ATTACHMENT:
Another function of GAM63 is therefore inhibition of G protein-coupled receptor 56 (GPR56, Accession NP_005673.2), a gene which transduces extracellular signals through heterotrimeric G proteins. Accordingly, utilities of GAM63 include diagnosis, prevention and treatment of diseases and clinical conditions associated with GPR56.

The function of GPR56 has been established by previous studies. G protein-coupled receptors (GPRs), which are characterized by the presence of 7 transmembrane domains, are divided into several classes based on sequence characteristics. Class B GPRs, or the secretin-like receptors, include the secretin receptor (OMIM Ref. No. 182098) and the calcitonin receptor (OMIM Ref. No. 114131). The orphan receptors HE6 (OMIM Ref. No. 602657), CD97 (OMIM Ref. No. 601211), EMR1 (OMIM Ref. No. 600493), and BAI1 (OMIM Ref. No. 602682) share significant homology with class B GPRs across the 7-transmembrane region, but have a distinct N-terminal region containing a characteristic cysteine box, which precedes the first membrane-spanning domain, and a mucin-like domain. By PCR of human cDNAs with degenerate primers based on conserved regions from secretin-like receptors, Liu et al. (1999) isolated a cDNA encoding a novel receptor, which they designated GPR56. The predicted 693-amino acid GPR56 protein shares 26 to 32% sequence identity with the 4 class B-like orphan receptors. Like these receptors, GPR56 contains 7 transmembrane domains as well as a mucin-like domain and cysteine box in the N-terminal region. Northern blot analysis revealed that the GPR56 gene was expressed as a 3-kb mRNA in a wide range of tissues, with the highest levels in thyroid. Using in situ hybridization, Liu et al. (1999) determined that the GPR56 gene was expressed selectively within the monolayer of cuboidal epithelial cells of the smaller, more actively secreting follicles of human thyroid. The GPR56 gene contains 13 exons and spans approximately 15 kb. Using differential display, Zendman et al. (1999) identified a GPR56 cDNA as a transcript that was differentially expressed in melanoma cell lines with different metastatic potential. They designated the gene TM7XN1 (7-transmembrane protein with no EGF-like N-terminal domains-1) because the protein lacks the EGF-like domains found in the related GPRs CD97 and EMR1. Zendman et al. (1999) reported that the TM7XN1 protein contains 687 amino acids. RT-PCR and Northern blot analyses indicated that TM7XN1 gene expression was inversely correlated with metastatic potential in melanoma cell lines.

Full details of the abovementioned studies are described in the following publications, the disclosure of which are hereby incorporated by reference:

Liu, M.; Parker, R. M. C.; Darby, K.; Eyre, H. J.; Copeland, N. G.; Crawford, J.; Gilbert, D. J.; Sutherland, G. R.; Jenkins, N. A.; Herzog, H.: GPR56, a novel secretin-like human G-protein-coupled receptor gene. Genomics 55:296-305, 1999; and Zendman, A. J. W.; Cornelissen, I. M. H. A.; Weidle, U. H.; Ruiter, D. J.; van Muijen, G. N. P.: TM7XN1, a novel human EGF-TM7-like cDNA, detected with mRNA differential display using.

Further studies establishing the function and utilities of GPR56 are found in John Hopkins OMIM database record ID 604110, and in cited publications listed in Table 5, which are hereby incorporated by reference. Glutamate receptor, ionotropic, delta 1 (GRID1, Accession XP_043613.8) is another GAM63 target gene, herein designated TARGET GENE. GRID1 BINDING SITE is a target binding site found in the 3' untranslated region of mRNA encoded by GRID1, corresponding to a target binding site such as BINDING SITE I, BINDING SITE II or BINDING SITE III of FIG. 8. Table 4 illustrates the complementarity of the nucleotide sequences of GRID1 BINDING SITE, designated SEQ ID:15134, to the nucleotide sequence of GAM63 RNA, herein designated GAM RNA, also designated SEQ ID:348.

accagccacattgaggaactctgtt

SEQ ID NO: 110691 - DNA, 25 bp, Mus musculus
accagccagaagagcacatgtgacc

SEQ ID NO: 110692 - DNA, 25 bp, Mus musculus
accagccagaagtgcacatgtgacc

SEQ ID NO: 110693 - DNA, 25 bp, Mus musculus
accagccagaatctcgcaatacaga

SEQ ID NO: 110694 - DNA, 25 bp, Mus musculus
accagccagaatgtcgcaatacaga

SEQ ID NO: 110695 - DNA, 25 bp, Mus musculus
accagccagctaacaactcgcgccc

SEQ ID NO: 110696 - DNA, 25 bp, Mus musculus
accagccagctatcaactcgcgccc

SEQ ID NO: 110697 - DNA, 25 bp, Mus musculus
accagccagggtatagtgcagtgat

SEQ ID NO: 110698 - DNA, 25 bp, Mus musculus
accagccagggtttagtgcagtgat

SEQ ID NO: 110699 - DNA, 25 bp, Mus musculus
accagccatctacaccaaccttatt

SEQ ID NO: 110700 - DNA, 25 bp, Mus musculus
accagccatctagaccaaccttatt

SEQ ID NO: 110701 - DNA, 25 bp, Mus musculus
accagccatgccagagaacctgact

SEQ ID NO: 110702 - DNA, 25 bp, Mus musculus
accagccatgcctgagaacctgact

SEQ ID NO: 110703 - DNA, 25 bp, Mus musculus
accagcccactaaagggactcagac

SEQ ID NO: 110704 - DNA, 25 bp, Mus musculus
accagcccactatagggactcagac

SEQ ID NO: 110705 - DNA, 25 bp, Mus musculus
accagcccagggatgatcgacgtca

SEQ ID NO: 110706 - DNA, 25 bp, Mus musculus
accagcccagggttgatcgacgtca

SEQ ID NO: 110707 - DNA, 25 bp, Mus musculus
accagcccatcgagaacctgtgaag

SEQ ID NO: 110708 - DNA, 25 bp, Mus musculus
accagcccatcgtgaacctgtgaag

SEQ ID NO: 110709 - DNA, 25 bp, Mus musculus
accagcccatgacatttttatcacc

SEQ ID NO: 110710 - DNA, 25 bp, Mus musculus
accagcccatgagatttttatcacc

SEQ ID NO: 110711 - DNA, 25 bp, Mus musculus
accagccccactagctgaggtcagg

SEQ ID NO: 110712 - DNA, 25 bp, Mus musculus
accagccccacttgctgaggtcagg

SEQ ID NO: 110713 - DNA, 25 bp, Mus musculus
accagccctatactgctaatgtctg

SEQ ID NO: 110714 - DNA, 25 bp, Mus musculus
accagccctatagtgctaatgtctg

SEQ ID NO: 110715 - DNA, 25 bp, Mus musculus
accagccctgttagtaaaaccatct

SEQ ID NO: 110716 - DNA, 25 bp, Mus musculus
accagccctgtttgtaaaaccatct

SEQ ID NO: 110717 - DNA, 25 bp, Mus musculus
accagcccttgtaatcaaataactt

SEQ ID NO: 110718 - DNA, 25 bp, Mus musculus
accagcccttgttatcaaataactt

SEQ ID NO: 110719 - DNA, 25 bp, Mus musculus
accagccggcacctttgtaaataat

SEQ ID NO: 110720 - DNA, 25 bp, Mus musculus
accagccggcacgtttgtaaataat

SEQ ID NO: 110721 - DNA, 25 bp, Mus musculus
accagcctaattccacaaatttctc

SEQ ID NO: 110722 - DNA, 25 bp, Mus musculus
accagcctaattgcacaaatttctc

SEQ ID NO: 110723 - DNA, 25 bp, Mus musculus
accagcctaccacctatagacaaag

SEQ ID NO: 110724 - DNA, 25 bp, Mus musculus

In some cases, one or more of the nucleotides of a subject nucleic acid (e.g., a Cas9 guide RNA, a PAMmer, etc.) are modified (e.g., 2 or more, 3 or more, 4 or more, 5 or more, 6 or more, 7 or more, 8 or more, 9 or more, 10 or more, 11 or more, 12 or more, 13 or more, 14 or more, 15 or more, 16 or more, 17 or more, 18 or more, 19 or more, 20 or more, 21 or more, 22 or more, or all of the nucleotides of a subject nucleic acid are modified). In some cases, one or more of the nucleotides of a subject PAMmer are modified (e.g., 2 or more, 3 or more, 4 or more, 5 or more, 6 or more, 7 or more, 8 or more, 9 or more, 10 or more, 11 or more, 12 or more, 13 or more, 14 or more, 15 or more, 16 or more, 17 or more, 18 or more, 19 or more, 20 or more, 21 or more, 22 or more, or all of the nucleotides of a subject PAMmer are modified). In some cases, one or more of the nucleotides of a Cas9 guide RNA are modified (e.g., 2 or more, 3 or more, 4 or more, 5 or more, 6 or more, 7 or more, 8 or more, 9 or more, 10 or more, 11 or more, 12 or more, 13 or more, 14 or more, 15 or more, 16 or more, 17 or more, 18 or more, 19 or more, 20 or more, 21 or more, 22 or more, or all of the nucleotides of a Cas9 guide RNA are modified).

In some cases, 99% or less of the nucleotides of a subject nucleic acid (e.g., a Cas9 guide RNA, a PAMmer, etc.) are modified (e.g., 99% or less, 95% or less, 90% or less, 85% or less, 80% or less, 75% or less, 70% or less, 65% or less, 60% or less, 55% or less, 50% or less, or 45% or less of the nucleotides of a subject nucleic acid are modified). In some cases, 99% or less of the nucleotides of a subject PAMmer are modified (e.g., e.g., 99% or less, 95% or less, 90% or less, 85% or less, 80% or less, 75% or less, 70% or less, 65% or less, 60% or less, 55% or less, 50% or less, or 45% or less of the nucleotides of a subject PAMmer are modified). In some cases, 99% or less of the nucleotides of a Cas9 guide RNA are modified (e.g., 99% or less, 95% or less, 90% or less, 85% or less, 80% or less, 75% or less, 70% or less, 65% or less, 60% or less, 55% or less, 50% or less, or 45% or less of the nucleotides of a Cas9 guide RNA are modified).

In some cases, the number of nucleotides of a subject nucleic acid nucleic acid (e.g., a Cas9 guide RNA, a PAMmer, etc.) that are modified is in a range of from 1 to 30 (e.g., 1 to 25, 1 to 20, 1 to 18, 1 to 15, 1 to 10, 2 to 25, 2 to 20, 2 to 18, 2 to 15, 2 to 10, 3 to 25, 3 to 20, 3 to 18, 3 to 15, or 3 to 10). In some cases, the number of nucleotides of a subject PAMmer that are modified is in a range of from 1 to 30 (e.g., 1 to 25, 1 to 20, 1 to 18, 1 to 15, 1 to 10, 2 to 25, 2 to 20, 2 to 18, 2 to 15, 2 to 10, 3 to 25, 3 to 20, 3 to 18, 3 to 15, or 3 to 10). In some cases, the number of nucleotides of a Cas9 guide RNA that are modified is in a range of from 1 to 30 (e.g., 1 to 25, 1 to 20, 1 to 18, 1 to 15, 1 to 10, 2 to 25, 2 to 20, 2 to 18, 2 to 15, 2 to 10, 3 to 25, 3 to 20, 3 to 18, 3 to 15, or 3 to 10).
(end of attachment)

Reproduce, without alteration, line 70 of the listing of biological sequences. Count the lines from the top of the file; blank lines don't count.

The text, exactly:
accagcctaattgcacaaatttctc